As you get older, as you turn 30 or 40, your brain changes; it begins to shrink and continues to do so throughout your life. This shrinkage can lead to changes in your cognitive abilities, which can become a cause for concern when it comes to dementia and Alzheimer’s disease.
But don’t we all know someone in their late 80s or 90s who is quick-witted with a memory like an elephant? Why did these people avoid what seems to be an inevitable part of aging? Genetics has something to do with it, but more and more research suggests that so does diet. Neuroinflammation can potentially be adjusted based on how we eat.
“While we don’t have a nutritional cure for dementia today, there are now many studies that point to different ways in which food can play an important role in preventing or slowing cognitive decline,” says Uma Naidoo, MDnutritional psychiatrist at Harvard Medical School, director of nutritional and metabolic psychiatry at Massachusetts General Hospital, author of This is Your Brain on Food: An Essential Guide to Surprising Foods That Fight Depression, PTSD, ADHD, Anxiety, OCT and More, and qualified chef. “Our food choices can certainly help preserve our memories and clear our minds of the brain fog that sometimes disrupts the clarity of our lives.”
Naidoo claims that diets high in fats and sugars can negatively affect the hippocampus, the part of the brain most involved in forming relationship memories. On the other hand, the right kinds of foods can protect memory. Dr. Naidoo explains some key eating habits that can slow brain aging.
Instead of cutting calories, you can focus on eating foods that have been shown to support brain health. Fortunately, researchers have come up with a diet called the MIND diet. “MIND” stands for Mediterranean-DASH Intervention for Neurodegenerative Delay. It’s a combination of the Mediterranean-style diet and a diet designed to lower blood pressure and the DASH diet, or dietary approaches to stopping hypertension.
“Important features of the MIND diet are that it is low in saturated fat, high in healthy oils, and red meat is eaten rarely, twice or less per week,” says Naidoo.
If calorie restriction or the MIND diet is too daunting, Naidoo recommends simply filling your plate with the best memory-protecting foods. Start with green leafy vegetables like lettuce that makes up salads, kale, collard greens and spinach. Eat several servings daily.
“I highlight leafy greens because they contain folate, vitamin E, carotenoids and flavonoids, nutrients that protect against cognitive decline,” Naidoo says.
Microgreens are even richer in nutrients, as well as leafy greens that are harvested right after germination. “Microgreens contain up to 40 times more nutrients than their mature counterparts,” she adds.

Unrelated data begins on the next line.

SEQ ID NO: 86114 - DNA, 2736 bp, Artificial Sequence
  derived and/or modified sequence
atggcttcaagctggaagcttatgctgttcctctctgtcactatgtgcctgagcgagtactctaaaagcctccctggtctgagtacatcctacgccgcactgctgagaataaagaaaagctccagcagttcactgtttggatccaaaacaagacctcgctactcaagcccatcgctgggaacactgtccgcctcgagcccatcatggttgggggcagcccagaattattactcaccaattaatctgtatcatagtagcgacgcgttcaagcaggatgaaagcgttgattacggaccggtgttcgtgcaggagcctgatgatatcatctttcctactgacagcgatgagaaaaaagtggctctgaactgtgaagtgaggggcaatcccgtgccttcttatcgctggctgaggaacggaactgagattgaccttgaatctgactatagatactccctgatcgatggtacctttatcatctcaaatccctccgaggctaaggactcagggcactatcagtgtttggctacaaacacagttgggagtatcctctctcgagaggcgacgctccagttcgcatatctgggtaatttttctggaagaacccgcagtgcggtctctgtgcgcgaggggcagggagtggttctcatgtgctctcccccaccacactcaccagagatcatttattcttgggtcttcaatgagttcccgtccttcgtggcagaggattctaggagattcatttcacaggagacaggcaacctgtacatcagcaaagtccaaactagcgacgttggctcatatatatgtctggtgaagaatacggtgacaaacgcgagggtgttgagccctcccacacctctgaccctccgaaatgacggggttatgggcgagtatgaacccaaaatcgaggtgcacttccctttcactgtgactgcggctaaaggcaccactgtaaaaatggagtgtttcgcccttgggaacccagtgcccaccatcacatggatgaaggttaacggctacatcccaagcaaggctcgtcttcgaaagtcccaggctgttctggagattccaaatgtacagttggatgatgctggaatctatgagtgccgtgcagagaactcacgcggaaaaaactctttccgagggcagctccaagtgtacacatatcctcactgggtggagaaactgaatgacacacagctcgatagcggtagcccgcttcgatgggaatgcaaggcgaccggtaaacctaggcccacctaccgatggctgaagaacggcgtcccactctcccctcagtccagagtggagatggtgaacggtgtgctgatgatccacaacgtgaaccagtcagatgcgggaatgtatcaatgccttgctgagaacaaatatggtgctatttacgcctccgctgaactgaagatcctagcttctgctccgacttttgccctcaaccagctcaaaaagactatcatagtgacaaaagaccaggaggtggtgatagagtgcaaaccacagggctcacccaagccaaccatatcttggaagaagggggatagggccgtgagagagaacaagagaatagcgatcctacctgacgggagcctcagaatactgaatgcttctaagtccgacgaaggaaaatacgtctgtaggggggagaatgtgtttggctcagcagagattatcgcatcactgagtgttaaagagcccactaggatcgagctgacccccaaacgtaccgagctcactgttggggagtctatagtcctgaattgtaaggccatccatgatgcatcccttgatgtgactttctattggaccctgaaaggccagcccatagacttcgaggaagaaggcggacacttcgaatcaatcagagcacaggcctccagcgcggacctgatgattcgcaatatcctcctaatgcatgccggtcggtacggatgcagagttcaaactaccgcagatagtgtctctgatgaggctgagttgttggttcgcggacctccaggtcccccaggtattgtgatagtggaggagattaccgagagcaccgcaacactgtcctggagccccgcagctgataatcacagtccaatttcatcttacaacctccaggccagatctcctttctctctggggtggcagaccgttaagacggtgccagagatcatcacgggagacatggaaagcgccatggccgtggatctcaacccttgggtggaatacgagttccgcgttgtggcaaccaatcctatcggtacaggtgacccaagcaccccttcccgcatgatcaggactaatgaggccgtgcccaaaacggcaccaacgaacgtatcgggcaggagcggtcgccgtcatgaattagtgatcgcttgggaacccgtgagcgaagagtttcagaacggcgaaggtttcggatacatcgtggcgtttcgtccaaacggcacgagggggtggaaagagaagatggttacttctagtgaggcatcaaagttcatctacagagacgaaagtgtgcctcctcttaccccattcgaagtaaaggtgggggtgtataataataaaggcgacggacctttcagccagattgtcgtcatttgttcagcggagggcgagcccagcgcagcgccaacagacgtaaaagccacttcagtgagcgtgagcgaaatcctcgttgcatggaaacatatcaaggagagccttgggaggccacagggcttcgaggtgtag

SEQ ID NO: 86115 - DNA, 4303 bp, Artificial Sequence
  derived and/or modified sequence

Aim for at least three servings a day of colorful polyphenol-rich vegetables, such as yellow and red peppers, carrots, broccoli, cauliflower, peas, beets, squash and eggplant. Cruciferous vegetables, like broccoli, cauliflower, and Brussels sprouts, are also high in an anti-inflammatory compound called sulforaphane, which studies show may protect against diseases that affect the brain.
The colorful berries are a concentrated source of flavonoids and other brain-beneficial nutrients.
“Studies have shown that diets high in blueberries reduce free radicals and inflammation in the brain,” says Naidoo.
Walnuts are also neuroprotective. “Vitamin E in peanut butter, dry-roasted almonds, hazelnuts, and sunflower seeds may help people with stress, anxiety, and symptoms of PTSD,” she continues.
“Extra virgin olive oil — a heart-healthy fat — is a source of at least 30 phenolic compounds that are powerful antioxidants and brain protectors,” says Naidoo.
A 2019 study published in the journal Molecules found that a cooking technique using extra virgin olive oil to make sofrito, a savory appetizer for many dishes, enhances the extraction of brain-protecting polyphenols from sautéed vegetables, such as onion, garlic, peppers, tomatoes and chillies.
In 2019, a meta-analysis of double-blind, randomized, placebo-controlled trials in patients with major depressive disorder showed that taking omega-3 polyunsaturated fatty acids (PUFAs) relieved depression compared to placebo .
“Omega-3 fatty acids support brain health by lowering inflammatory markers and protecting neurons from excessive inflammation,” says Naidoo.
The best sources of omega-3s are cold-water fatty fish like salmon, mackerel, tuna, herring, and sardines. However, you can also enjoy omega-3 fortified foods like eggs and find omega-3s in plant sources like edamame, walnuts, and chia seeds.
Get in the habit of amplifying flavors in your cooking without adding calories and boosting your brain.
“Turmeric, pepper, cinnamon saffron, rosemary, ginger and other spices have been shown to aid memory,” says Naidoo.
Turmeric, the active ingredient in curcumin, is the star of the spice show. A 2019 review of animal studies in Current neuropharmacology showed that curcumin could possibly reverse some brain damage caused by Alzheimer’s disease. Another study published the same year found improvements in attention, cognition, and memory in people taking 90 to 1,500 milligrams of turmeric over 53 weeks.
“When taking turmeric, combine it with black pepper. Black pepper can aid in the absorption of curcumin,” says Naidoo.
“Excessive alcohol consumption increases the risk of all types of cognitive impairment and dementia,” warns Naidoo.
However, Naidoo points to a 2019 meta-analysis of 28 studies which found that light to moderate alcohol consumption in middle and late adulthood was associated with a decreased risk of all types of disorders. cognitive and dementia.
“If you drink alcohol, I always recommend moderation,” advises Naidoo. “Alcohol can have many negative health effects, so talk to your doctor about other risk factors.”
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